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Isaiah 32

Chapter Thirty-two

v. 1:  The description of events in this chapter is so general that I do not believe it is possible to determine the specific era it refers to.  Of course, as a type (at least), it applies to the Messianic Age.

v. 3:  This verse must allude to other passages such as Isaiah 6:9-10 and suggest that the condition of the people described in such passages would be reversed in the time when “the spirit from on high is poured out on” the Jews.

v. 9: I wonder why the women are singled out here?  Compare this passage with Isaiah 3:16 (and see note there).  The Oxford commentary says women are mentioned because the Jews would have associated the act of lamentation more with women than men.  Barnes suggests that the lamentation of the women parallels the barrenness of the land (the earth being associated with femininity).

It is interesting to note that no actual army is mentioned (unless metaphorically) in this chapter.  Nevertheless, in the context of the previous chapters, it seems reasonable to see an invading army (Assyrian or Babylonian) as the cause of the disastrous effects listed here.  

v. 15: Here “forest” must signify something good.  The clause begins by saying that the events in this verse are the result of “a spirit from on high” being poured out on Judah.  Therefore, when “the wilderness becomes a fruitful field,” Judah will be improved; the wasteland described in verses 13-14 will become a productive land once more.  “Forest,” then, must be a hyperbolic description of the productivity of the fruitful field.  It would make no sense whatsoever to see “forest” as a synonym for “wilderness” and thus as a sign of Judah’s return to misfortune.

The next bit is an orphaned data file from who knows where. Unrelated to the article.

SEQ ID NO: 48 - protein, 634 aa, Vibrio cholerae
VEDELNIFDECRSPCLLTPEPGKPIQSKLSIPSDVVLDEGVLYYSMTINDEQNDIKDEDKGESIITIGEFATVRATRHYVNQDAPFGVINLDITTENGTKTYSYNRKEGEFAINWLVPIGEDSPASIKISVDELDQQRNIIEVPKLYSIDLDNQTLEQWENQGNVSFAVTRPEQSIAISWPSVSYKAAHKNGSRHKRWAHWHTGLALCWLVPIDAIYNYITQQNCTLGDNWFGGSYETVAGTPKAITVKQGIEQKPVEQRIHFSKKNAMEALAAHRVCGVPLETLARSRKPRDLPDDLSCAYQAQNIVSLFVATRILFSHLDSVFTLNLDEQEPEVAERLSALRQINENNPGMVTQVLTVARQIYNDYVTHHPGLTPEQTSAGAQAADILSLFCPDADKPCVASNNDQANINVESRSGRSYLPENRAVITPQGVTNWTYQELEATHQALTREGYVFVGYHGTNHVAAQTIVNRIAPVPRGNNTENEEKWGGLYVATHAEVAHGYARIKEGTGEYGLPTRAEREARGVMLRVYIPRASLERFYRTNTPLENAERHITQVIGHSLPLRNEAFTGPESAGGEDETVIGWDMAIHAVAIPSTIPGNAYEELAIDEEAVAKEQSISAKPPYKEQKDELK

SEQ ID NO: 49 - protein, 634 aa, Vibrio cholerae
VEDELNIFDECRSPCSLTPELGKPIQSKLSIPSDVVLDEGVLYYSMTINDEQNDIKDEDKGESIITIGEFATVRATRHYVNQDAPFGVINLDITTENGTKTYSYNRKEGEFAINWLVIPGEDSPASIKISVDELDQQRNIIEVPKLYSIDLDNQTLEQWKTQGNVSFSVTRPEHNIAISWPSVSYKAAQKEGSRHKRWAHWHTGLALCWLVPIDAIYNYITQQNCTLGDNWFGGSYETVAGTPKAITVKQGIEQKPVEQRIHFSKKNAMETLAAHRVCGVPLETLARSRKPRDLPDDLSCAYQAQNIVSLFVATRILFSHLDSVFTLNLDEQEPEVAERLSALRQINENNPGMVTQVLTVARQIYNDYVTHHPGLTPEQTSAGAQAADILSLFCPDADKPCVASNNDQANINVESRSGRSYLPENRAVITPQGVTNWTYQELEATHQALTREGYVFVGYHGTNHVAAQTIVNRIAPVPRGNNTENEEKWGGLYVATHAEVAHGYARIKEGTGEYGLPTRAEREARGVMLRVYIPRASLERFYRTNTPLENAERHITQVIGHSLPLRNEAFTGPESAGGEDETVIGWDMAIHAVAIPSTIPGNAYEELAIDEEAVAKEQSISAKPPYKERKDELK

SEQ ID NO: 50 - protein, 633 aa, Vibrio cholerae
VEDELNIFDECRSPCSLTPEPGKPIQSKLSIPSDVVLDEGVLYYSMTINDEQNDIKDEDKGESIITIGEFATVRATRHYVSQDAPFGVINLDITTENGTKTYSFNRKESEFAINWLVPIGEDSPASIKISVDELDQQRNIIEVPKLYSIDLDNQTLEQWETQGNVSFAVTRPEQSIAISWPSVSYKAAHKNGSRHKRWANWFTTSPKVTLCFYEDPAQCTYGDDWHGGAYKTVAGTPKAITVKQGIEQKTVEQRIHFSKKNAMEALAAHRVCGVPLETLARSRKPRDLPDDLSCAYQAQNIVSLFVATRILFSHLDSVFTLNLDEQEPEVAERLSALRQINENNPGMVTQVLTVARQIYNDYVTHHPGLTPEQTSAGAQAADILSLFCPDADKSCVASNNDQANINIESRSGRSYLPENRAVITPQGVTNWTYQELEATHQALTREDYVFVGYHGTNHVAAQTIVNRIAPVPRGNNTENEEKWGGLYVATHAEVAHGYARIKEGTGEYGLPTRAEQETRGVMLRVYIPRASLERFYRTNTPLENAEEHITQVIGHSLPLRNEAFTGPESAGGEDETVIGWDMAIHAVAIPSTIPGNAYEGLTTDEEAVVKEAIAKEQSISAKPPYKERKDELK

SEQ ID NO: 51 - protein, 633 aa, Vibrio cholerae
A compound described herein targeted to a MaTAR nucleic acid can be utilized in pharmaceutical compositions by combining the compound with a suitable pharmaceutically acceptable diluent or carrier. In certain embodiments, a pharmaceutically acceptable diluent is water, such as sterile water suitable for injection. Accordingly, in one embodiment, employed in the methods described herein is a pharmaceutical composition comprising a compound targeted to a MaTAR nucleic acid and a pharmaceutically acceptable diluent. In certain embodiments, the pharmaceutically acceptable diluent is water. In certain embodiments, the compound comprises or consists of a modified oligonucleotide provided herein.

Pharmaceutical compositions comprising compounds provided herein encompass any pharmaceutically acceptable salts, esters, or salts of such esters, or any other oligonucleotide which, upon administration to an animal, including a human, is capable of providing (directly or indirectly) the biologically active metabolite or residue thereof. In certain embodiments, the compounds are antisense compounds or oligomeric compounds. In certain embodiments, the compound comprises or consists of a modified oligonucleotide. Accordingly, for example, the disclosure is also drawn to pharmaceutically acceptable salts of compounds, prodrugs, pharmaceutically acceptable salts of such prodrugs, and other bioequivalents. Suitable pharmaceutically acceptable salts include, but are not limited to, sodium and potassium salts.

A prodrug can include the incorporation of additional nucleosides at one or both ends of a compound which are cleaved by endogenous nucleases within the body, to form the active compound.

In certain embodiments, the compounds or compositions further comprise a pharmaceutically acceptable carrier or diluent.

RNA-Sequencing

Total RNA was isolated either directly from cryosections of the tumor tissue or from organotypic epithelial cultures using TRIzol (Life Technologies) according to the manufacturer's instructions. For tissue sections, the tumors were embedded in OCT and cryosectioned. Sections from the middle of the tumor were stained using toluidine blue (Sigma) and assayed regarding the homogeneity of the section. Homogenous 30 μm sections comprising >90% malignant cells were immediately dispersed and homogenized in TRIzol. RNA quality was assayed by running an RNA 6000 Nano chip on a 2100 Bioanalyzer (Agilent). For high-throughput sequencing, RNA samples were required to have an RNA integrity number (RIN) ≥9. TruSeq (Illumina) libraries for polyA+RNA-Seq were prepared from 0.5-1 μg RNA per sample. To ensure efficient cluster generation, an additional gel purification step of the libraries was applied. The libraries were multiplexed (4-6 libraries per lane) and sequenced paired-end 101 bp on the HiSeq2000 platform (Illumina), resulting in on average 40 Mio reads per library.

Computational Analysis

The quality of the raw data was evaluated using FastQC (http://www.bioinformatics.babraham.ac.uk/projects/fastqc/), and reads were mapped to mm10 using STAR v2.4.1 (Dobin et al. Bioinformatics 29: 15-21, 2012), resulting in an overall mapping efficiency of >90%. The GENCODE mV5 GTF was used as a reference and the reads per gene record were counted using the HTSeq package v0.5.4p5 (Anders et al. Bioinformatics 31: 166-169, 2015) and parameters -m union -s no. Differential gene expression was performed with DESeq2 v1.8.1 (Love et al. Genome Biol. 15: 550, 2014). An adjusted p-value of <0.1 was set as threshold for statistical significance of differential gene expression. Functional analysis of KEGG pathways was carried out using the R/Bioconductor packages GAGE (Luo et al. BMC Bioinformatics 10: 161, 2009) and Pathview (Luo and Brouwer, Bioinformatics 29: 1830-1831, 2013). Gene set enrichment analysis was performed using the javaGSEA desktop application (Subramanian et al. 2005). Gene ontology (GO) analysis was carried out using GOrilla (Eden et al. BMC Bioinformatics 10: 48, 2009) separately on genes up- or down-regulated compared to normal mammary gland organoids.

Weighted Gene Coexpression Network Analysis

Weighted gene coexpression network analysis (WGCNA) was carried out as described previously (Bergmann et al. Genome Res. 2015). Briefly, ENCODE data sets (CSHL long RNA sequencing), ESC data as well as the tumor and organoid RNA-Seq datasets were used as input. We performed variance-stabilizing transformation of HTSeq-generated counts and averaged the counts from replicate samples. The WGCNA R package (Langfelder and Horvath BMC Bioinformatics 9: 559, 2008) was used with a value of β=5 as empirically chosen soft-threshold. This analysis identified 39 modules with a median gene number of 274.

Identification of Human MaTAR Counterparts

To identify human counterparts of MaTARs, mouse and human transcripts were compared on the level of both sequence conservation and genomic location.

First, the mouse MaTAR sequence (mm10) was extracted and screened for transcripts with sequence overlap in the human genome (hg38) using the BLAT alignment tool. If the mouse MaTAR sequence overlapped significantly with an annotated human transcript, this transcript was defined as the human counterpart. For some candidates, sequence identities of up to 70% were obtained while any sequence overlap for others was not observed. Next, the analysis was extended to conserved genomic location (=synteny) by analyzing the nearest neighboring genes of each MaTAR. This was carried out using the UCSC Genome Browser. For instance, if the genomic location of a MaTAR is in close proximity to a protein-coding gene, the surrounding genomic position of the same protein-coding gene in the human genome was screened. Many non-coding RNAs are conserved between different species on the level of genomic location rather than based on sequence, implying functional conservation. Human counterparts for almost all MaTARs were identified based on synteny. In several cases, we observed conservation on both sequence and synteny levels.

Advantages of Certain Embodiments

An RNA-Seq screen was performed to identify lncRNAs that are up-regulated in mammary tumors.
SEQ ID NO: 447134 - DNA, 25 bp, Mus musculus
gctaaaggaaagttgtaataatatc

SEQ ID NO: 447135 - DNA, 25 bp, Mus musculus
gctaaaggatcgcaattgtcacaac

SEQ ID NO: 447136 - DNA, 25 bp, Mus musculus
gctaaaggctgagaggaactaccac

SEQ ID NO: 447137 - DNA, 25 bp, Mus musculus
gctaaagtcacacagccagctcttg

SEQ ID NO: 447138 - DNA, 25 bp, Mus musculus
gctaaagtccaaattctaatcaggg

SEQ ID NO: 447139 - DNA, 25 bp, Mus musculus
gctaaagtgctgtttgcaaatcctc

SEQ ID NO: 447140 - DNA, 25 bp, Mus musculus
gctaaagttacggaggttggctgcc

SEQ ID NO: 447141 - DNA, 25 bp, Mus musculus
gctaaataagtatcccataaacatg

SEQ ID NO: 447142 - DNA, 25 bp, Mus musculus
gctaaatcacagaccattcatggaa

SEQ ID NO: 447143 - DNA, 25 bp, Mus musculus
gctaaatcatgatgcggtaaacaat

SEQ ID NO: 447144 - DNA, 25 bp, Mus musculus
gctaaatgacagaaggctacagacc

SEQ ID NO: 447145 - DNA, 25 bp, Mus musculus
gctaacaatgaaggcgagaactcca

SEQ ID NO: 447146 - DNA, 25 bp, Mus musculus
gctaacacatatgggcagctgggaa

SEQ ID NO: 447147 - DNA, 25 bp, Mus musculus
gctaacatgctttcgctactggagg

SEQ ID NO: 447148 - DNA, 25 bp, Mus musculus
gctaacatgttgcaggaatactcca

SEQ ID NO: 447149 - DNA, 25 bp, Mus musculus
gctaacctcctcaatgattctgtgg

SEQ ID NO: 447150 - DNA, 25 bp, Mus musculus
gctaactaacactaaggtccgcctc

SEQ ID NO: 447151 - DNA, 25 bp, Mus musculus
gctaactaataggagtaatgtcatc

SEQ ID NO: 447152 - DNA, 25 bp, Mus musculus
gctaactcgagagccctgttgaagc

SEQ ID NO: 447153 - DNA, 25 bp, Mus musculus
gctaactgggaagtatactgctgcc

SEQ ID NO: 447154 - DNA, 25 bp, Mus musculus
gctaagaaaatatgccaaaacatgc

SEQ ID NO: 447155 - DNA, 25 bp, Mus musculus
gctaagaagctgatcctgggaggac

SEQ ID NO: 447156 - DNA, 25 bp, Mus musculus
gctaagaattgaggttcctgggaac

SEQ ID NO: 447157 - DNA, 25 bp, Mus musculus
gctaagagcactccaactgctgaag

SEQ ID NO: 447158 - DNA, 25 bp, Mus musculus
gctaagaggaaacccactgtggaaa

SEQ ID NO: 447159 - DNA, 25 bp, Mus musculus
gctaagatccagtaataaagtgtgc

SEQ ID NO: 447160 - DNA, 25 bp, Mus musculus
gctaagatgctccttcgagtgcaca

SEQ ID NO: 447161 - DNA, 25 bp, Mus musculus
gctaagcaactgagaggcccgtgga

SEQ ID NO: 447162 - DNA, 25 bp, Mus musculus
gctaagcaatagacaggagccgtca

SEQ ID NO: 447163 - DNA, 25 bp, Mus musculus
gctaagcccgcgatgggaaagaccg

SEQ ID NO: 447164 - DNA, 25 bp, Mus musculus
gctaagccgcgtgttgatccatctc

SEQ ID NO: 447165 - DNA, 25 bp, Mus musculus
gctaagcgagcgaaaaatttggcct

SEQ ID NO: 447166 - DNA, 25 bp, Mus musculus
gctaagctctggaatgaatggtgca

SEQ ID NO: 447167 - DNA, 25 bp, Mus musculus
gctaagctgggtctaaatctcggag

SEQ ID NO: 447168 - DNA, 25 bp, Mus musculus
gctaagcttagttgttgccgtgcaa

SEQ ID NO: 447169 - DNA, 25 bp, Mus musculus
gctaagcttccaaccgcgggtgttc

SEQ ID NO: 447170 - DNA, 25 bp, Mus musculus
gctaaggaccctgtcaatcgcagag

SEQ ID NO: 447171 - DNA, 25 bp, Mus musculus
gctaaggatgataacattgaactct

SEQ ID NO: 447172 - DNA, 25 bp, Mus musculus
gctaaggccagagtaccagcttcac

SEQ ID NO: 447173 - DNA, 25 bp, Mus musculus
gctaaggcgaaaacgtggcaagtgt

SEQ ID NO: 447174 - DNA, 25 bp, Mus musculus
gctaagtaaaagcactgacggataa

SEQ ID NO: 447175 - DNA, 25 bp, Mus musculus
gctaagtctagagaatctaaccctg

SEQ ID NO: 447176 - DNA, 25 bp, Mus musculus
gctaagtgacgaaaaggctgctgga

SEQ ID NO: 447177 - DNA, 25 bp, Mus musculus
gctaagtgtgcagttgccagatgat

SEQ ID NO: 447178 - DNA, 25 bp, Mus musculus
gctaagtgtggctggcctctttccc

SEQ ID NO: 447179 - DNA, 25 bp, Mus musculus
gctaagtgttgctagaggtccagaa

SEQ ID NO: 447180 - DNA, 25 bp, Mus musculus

v. 19: How odd that Isaiah would use the word “forest” again at this place; it is the same Hebrew word (ya’ar) that he uses in v. 15 to describe the productivity Judah would enjoy while the Spirit of God was poured out upon the land.  Here, however, a forest is being destroyed. 

Since this one verse describing ruin and destruction is inserted (with no noticeable transition) among five others that describe Judah’s peace and prosperity, I believe it should not apply to Judah but rather to Judah’s enemies.  “Forest” might signify fruitfulness here just as it does in v. 15, the only difference being that the fruitfulness of v. 15 is Judah’s whereas that of v. 19 is the fruitfulness of Judah’s enemies. Barnes suggests that “forest” represents the army of the Assyrians, claiming that the same image is used in Isaiah 10:18-19, 33-34 for the same purpose (475).  If Barnes is correct, we might call this inconsistent use of “forest”[1] in the same chapter a mixed metaphor (and thus an aesthetic flaw by our poetic standards), but such uses of metaphor may have been aesthetically pleasing to the ancient Hebrews.  If a language itself can change and die out, why not culturally accepted poetic conventions?   


[1] In one place (v. 15) “forest” seems to mean productivity, and in another (v.19) it seems to mean an army.

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